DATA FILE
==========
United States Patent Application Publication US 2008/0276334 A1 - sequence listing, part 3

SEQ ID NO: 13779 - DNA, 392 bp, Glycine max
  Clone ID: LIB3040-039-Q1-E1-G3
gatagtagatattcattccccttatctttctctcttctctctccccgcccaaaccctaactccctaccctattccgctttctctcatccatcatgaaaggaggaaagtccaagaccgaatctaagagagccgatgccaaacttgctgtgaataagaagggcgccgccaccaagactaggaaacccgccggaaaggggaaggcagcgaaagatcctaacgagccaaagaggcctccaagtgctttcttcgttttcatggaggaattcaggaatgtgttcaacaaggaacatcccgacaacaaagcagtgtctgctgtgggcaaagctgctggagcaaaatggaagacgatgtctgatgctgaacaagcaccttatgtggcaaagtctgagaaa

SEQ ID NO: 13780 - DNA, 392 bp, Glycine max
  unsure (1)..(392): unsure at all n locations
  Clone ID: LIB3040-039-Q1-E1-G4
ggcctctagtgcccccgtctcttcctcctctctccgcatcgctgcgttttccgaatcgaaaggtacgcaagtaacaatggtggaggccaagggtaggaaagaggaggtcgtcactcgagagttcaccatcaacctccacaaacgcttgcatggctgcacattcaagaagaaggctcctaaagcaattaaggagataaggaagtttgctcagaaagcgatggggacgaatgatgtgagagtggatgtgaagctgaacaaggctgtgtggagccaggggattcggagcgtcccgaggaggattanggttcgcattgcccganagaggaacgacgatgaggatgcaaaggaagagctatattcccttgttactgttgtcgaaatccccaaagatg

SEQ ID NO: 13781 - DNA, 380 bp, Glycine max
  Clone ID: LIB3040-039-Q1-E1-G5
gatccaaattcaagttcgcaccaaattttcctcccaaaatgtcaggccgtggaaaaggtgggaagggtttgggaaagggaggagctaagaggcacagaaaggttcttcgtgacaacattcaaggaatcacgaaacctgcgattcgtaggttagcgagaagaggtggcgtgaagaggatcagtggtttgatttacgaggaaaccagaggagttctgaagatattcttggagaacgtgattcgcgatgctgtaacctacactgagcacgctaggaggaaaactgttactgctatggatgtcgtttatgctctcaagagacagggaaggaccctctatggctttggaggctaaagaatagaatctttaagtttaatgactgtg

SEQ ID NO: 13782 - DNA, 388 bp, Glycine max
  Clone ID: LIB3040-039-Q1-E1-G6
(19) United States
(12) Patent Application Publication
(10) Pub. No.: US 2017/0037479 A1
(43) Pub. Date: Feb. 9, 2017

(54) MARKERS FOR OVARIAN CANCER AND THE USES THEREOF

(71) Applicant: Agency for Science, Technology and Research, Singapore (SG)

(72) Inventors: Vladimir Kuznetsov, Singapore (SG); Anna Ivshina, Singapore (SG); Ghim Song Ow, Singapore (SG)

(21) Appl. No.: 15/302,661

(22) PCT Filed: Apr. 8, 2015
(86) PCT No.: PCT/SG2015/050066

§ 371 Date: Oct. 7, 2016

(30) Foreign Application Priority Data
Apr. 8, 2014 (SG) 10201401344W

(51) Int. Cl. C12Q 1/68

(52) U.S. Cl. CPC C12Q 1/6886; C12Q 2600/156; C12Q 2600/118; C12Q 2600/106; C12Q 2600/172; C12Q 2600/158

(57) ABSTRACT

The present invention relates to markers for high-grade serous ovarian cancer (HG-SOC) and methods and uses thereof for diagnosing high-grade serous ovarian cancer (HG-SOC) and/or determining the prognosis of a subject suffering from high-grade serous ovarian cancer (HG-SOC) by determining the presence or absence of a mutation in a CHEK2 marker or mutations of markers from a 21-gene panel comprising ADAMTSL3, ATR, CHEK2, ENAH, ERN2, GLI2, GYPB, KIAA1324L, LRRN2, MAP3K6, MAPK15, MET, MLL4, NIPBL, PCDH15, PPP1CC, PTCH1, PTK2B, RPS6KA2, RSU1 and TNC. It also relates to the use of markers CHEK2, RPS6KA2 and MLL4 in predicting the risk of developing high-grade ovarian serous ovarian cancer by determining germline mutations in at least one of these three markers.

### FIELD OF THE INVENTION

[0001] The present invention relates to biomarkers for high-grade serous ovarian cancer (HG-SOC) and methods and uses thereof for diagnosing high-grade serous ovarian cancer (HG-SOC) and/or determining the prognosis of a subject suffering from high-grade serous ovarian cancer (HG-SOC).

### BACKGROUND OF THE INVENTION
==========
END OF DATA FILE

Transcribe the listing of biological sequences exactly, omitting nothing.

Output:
United States Patent Application Publication US 2008/0276334 A1 - sequence listing, part 3

SEQ ID NO: 13779 - DNA, 392 bp, Glycine max
  Clone ID: LIB3040-039-Q1-E1-G3
gatagtagatattcattccccttatctttctctcttctctctccccgcccaaaccctaactccctaccctattccgctttctctcatccatcatgaaaggaggaaagtccaagaccgaatctaagagagccgatgccaaacttgctgtgaataagaagggcgccgccaccaagactaggaaacccgccggaaaggggaaggcagcgaaagatcctaacgagccaaagaggcctccaagtgctttcttcgttttcatggaggaattcaggaatgtgttcaacaaggaacatcccgacaacaaagcagtgtctgctgtgggcaaagctgctggagcaaaatggaagacgatgtctgatgctgaacaagcaccttatgtggcaaagtctgagaaa

SEQ ID NO: 13780 - DNA, 392 bp, Glycine max
  unsure (1)..(392): unsure at all n locations
  Clone ID: LIB3040-039-Q1-E1-G4
ggcctctagtgcccccgtctcttcctcctctctccgcatcgctgcgttttccgaatcgaaaggtacgcaagtaacaatggtggaggccaagggtaggaaagaggaggtcgtcactcgagagttcaccatcaacctccacaaacgcttgcatggctgcacattcaagaagaaggctcctaaagcaattaaggagataaggaagtttgctcagaaagcgatggggacgaatgatgtgagagtggatgtgaagctgaacaaggctgtgtggagccaggggattcggagcgtcccgaggaggattanggttcgcattgcccganagaggaacgacgatgaggatgcaaaggaagagctatattcccttgttactgttgtcgaaatccccaaagatg

SEQ ID NO: 13781 - DNA, 380 bp, Glycine max
  Clone ID: LIB3040-039-Q1-E1-G5
gatccaaattcaagttcgcaccaaattttcctcccaaaatgtcaggccgtggaaaaggtgggaagggtttgggaaagggaggagctaagaggcacagaaaggttcttcgtgacaacattcaaggaatcacgaaacctgcgattcgtaggttagcgagaagaggtggcgtgaagaggatcagtggtttgatttacgaggaaaccagaggagttctgaagatattcttggagaacgtgattcgcgatgctgtaacctacactgagcacgctaggaggaaaactgttactgctatggatgtcgtttatgctctcaagagacagggaaggaccctctatggctttggaggctaaagaatagaatctttaagtttaatgactgtg

SEQ ID NO: 13782 - DNA, 388 bp, Glycine max
  Clone ID: LIB3040-039-Q1-E1-G6
(19) United States
(12) Patent Application Publication
(10) Pub. No.: US 2017/0037479 A1
(43) Pub. Date: Feb. 9, 2017

(54) MARKERS FOR OVARIAN CANCER AND THE USES THEREOF

(71) Applicant: Agency for Science, Technology and Research, Singapore (SG)

(72) Inventors: Vladimir Kuznetsov, Singapore (SG); Anna Ivshina, Singapore (SG); Ghim Song Ow, Singapore (SG)

(21) Appl. No.: 15/302,661

(22) PCT Filed: Apr. 8, 2015
(86) PCT No.: PCT/SG2015/050066

§ 371 Date: Oct. 7, 2016

(30) Foreign Application Priority Data
Apr. 8, 2014 (SG) 10201401344W

(51) Int. Cl. C12Q 1/68

(52) U.S. Cl. CPC C12Q 1/6886; C12Q 2600/156; C12Q 2600/118; C12Q 2600/106; C12Q 2600/172; C12Q 2600/158

(57) ABSTRACT

The present invention relates to markers for high-grade serous ovarian cancer (HG-SOC) and methods and uses thereof for diagnosing high-grade serous ovarian cancer (HG-SOC) and/or determining the prognosis of a subject suffering from high-grade serous ovarian cancer (HG-SOC) by determining the presence or absence of a mutation in a CHEK2 marker or mutations of markers from a 21-gene panel comprising ADAMTSL3, ATR, CHEK2, ENAH, ERN2, GLI2, GYPB, KIAA1324L, LRRN2, MAP3K6, MAPK15, MET, MLL4, NIPBL, PCDH15, PPP1CC, PTCH1, PTK2B, RPS6KA2, RSU1 and TNC. It also relates to the use of markers CHEK2, RPS6KA2 and MLL4 in predicting the risk of developing high-grade ovarian serous ovarian cancer by determining germline mutations in at least one of these three markers.

### FIELD OF THE INVENTION

[0001] The present invention relates to biomarkers for high-grade serous ovarian cancer (HG-SOC) and methods and uses thereof for diagnosing high-grade serous ovarian cancer (HG-SOC) and/or determining the prognosis of a subject suffering from high-grade serous ovarian cancer (HG-SOC).

### BACKGROUND OF THE INVENTION